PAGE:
3. Braden’s relationship with God evolves over the course of the story. Can you speak a bit to this relationship and its meaning to Braden? What are his core convictions?
Braden’s worldview has always been shaped by his faith, which all his life has mostly mirrored his father Mart’s–a very sinners-in-the-hands-of-an-angry-God brand of belief in which being right, and aligning yourself to the right political side, is paramount, and in which doing God’s will is a demanding and often terrifying prospect. But underneath that Braden also believes strongly in God as someone who’s invested in his life and who’s maybe someone more complicated than he’s always been taught, who can’t necessarily be reduced to easy answers and whose love doesn’t look like his dad’s. And–both comfortingly and terrifyingly–as someone who sees Braden always completely, exactly as he is.
I grew up in the church, and even though we talked a lot about concepts like grace, and mercy, and love enough that they felt familiar, those things often felt somewhat abstract to me and also difficult to really wrap my mind around–what does unconditional love actually mean? How you can you really, truly believe you’re forgiven? I think it’s easy to believe things on a surface level without actually confronting them and what they mean in your own life, which Braden ends up having to do throughout the course of the story.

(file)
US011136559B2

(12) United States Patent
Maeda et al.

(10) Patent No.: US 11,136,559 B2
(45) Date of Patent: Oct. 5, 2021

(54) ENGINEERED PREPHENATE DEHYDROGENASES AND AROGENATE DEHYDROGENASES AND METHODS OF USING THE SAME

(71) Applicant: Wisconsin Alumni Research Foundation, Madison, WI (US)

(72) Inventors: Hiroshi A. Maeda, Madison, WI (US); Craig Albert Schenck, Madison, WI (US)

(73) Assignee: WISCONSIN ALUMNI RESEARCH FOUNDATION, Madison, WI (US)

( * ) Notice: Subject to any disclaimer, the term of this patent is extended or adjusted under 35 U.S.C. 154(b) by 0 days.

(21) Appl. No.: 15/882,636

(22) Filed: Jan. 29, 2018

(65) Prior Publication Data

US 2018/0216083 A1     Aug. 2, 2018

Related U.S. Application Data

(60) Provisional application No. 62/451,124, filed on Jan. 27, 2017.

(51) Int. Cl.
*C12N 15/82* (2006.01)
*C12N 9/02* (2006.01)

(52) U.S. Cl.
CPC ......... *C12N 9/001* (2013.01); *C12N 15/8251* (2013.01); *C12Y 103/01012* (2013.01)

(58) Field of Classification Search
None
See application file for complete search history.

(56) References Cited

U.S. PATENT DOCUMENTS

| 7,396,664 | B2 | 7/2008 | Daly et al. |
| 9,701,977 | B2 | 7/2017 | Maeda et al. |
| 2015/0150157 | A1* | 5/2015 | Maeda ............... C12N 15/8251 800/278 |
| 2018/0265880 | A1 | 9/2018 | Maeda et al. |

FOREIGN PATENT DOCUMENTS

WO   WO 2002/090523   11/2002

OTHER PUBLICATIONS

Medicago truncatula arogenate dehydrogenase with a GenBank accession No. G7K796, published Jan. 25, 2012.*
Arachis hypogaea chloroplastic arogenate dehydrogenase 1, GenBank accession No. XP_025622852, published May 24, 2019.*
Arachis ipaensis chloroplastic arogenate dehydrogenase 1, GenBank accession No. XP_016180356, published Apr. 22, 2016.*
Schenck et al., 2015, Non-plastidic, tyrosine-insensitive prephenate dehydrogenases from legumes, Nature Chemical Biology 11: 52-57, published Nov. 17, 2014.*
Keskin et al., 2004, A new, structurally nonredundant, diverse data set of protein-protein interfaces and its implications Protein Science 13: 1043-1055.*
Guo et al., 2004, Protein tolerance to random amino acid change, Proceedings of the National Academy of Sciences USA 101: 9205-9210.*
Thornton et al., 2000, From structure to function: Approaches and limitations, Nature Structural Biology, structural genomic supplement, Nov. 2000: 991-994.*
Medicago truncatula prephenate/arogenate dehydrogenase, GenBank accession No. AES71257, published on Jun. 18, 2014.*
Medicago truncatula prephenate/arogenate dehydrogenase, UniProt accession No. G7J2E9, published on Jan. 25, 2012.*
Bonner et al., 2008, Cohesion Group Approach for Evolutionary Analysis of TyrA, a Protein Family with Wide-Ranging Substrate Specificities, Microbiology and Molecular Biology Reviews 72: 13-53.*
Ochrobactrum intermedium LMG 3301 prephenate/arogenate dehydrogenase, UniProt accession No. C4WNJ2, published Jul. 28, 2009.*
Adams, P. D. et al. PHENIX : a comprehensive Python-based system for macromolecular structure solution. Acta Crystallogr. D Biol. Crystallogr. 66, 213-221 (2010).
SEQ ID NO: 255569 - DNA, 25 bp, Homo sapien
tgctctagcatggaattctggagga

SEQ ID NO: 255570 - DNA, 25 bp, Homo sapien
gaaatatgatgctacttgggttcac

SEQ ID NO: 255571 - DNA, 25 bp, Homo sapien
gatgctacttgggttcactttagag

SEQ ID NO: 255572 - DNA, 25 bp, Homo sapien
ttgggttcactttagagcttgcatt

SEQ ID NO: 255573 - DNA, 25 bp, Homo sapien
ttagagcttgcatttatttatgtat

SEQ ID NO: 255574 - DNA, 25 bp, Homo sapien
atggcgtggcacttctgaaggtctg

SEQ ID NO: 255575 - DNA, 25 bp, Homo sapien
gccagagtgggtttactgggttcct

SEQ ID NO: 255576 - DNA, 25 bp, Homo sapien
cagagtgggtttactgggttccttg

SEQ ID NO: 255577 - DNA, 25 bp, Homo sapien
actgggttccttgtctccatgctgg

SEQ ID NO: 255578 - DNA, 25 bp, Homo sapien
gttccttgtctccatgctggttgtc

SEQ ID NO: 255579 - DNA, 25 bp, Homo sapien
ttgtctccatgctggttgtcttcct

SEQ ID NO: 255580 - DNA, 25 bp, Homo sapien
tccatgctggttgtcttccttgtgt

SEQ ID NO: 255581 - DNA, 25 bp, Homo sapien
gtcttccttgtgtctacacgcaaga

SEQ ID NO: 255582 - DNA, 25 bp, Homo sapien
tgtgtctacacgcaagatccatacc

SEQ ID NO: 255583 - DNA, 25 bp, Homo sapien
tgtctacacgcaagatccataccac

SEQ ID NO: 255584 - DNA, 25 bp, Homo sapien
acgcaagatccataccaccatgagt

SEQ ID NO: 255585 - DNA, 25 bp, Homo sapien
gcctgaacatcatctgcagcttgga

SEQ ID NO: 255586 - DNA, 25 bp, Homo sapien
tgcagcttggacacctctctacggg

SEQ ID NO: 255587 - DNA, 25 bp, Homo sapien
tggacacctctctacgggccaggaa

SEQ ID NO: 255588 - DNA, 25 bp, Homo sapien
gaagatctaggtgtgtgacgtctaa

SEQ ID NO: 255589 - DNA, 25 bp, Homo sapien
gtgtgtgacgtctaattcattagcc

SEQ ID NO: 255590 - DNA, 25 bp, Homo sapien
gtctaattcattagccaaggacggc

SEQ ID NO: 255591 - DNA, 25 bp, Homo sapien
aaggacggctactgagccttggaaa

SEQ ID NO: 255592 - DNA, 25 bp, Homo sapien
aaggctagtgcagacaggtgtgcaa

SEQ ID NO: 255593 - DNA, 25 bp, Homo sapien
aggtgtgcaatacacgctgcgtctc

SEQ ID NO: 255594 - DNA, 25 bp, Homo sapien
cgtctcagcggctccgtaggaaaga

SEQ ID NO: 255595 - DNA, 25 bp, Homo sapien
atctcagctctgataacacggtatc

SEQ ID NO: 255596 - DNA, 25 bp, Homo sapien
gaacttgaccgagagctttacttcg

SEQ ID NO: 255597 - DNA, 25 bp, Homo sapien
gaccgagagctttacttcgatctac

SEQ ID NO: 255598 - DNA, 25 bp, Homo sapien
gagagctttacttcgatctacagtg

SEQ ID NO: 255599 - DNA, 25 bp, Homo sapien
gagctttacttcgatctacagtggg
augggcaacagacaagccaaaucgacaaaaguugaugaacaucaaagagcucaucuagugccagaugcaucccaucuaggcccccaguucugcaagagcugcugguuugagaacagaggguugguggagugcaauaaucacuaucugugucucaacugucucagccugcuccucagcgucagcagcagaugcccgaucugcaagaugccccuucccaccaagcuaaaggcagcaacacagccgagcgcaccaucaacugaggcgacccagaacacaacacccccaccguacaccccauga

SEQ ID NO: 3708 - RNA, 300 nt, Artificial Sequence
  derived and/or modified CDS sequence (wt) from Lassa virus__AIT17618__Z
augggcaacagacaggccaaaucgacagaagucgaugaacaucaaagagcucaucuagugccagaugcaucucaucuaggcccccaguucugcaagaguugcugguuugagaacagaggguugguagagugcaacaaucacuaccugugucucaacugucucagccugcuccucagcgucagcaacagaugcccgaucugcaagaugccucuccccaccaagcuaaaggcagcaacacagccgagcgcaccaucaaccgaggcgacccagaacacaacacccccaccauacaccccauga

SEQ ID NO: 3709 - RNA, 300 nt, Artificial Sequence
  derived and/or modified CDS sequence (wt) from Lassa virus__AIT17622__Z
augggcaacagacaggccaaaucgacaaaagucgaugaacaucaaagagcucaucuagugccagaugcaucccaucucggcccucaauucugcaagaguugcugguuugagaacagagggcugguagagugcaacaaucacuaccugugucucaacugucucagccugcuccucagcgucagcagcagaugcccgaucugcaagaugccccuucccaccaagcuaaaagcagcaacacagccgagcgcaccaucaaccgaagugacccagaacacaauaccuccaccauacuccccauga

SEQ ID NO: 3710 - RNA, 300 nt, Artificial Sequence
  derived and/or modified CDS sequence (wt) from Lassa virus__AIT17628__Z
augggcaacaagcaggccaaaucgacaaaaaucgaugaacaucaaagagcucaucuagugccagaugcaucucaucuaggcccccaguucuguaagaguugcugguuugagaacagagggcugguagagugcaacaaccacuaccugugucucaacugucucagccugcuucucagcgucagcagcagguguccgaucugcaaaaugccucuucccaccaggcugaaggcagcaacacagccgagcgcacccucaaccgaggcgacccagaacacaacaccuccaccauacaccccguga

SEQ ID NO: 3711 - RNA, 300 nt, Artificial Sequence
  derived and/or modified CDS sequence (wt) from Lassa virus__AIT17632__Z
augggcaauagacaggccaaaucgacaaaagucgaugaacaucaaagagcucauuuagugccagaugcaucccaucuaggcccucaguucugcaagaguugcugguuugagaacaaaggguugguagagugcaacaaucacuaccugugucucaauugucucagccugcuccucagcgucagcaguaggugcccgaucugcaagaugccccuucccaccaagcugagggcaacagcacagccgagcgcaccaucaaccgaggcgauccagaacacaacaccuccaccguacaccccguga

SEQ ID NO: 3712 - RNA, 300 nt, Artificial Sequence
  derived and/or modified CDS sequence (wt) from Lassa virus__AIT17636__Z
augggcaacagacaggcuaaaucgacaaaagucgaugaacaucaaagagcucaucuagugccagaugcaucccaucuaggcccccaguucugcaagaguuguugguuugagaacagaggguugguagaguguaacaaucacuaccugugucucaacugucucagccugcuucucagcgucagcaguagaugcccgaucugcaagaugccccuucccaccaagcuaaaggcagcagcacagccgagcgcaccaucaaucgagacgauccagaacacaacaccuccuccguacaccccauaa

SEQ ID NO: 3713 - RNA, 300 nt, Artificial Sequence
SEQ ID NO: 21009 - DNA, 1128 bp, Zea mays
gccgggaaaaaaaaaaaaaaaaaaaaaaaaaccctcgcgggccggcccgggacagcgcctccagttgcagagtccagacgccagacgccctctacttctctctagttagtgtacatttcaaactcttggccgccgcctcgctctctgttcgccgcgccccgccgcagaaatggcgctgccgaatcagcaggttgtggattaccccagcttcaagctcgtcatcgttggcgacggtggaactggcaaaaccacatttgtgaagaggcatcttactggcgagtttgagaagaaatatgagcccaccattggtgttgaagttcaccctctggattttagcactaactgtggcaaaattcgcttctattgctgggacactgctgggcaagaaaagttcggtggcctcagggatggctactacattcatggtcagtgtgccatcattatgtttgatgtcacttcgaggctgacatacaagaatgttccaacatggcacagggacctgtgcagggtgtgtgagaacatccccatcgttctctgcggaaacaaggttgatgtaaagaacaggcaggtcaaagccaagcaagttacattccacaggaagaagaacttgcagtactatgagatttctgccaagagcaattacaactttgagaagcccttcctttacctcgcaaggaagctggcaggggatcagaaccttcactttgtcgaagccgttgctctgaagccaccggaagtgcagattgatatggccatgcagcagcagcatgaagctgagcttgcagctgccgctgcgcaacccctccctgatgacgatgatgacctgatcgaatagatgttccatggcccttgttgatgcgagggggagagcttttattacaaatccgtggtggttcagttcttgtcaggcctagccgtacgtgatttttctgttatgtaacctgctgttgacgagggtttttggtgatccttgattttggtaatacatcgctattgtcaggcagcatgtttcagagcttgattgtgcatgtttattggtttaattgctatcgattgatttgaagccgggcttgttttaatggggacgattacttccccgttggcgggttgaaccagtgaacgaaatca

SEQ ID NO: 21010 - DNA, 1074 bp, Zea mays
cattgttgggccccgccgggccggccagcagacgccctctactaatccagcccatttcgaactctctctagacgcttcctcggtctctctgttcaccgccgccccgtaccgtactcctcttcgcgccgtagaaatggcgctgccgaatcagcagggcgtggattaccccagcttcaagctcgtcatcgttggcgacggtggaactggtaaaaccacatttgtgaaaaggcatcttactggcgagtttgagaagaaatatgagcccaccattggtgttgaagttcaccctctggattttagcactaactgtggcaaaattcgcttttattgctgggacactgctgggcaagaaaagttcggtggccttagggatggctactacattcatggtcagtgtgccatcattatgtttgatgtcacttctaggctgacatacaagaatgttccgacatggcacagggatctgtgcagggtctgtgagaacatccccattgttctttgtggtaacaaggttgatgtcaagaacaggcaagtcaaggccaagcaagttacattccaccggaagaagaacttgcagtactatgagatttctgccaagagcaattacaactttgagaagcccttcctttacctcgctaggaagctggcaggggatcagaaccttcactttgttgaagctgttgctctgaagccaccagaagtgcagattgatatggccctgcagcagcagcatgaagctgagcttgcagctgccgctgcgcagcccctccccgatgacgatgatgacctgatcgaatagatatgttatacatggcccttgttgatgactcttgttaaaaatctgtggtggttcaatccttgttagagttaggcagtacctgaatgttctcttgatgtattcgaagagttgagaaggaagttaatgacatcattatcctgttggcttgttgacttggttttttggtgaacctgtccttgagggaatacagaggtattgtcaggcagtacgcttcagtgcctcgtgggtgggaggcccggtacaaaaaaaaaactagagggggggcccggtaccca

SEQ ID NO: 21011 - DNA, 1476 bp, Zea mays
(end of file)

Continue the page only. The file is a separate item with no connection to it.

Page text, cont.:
4. In addition to physical skill, the position of pitcher requires certain mental skills, not the least of which is the ability to throw the next pitch directly after making a mistake. How did you conceive of this quality in both Braden and his father? How did it inform their character development?
Control is a huge thing for both Mart and Braden, as is the idea that if you do everything right, you get what you most want. That was important to me–that Braden would be very cerebral and also very disciplined, someone who was used to being able to control the action around him. That was an important quality to his character because I also wanted to explore what it looked like when he no longer could successfully exert that control, when the lessons he thought he’d learned all his life stopped holding up. And I think that’s something a lot of young people have to grapple with, when you realize that something you always clung to might not be true in the way you thought.
5. Trey was a catcher, while Braden and his father are/were both pitchers. Is there a significance to Trey playing that position and the role he has in the family’s dynamic?
I actually think catching is the most interesting position in baseball–you call pitches and, out of the spotlight, control so much of the game, and Trey, who spends most of his time now behind the scenes in his kitchen, has never been one for the spotlight. But it also meant another way Trey couldn’t quite be molded into the son Mart always wanted–a different perspective, a different path, and ultimately one he chose to walk away from.